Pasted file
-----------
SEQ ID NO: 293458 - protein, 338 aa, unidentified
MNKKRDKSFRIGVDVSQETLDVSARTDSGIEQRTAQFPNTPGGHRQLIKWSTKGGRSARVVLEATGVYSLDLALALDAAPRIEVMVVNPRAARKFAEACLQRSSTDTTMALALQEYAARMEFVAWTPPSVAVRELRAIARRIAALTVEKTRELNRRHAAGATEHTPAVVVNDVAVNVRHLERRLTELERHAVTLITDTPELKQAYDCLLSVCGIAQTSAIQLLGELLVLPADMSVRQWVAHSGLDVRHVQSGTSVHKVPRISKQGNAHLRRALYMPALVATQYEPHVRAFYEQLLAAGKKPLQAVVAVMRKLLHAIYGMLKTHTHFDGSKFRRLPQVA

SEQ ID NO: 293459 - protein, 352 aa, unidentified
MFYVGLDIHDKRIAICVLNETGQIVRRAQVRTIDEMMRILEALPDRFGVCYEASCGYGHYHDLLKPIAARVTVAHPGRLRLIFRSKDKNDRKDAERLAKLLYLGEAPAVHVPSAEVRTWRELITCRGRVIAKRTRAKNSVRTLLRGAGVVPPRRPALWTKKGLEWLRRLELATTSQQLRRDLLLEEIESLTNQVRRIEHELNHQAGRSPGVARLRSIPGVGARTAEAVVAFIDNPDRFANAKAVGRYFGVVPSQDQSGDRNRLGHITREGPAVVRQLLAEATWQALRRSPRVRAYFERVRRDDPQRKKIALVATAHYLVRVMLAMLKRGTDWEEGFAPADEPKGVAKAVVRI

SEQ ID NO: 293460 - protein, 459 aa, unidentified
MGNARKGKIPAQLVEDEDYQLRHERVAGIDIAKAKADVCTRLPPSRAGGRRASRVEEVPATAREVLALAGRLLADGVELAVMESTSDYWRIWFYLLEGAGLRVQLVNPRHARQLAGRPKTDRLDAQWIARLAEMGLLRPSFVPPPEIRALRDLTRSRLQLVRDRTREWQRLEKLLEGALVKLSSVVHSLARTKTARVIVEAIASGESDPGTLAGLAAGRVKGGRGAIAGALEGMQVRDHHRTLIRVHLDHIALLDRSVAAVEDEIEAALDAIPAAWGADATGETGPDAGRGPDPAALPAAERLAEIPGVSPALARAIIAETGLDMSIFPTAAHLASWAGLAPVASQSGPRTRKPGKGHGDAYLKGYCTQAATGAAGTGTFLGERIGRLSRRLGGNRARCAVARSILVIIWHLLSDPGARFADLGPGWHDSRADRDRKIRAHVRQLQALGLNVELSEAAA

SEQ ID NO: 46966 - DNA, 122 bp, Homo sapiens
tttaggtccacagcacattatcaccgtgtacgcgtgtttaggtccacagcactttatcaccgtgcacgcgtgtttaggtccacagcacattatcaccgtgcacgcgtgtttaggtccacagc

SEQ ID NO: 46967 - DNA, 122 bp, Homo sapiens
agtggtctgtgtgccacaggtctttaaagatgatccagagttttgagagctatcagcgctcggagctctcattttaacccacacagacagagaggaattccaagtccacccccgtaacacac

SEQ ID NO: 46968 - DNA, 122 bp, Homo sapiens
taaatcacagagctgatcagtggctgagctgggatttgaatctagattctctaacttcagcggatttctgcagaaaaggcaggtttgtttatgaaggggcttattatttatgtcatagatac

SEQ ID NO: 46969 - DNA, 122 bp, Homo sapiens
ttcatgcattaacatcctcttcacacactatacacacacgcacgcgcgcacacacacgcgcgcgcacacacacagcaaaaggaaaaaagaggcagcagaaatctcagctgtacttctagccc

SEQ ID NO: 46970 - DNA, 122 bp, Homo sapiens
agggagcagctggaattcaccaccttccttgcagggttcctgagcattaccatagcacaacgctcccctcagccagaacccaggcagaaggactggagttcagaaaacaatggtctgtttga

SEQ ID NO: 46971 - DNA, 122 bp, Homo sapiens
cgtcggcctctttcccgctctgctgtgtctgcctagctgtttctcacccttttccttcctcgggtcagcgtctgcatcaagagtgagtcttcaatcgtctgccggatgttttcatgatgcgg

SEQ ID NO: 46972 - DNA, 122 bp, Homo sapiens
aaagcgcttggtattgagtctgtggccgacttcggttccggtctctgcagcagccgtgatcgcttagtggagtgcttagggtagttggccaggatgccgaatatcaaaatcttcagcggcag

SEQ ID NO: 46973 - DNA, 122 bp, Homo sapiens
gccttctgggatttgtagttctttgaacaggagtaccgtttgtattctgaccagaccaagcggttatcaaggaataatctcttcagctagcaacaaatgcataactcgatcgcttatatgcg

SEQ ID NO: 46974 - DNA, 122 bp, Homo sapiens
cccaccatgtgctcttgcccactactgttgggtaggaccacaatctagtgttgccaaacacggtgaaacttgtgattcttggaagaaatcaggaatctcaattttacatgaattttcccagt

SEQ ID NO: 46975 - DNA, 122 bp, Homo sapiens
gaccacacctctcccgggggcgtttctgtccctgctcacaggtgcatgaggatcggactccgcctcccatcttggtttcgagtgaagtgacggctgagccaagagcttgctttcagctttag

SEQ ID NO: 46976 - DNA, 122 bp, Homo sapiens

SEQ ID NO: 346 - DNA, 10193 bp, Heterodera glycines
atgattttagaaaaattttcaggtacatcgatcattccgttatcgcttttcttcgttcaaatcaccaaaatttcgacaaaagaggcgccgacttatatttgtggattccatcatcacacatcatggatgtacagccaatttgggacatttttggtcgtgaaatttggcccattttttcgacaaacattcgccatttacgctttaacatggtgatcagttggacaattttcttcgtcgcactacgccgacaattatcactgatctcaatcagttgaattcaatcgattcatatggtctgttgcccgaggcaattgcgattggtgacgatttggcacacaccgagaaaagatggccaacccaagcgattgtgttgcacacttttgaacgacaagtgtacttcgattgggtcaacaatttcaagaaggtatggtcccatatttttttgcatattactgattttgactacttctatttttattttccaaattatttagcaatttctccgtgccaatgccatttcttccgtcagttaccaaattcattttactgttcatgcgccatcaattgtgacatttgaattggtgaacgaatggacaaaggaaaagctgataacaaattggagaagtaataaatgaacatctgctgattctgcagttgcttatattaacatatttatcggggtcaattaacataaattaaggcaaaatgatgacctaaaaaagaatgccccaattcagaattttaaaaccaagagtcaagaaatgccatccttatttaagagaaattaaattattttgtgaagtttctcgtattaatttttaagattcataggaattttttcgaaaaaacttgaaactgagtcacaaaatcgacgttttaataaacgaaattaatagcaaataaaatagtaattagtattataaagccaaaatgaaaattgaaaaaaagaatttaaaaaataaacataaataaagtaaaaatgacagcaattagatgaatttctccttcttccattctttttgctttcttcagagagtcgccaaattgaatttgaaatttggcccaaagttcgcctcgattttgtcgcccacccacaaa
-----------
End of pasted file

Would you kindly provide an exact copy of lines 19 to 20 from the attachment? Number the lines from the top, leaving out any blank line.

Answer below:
SEQ ID NO: 46972 - DNA, 122 bp, Homo sapiens
aaagcgcttggtattgagtctgtggccgacttcggttccggtctctgcagcagccgtgatcgcttagtggagtgcttagggtagttggccaggatgccgaatatcaaaatcttcagcggcag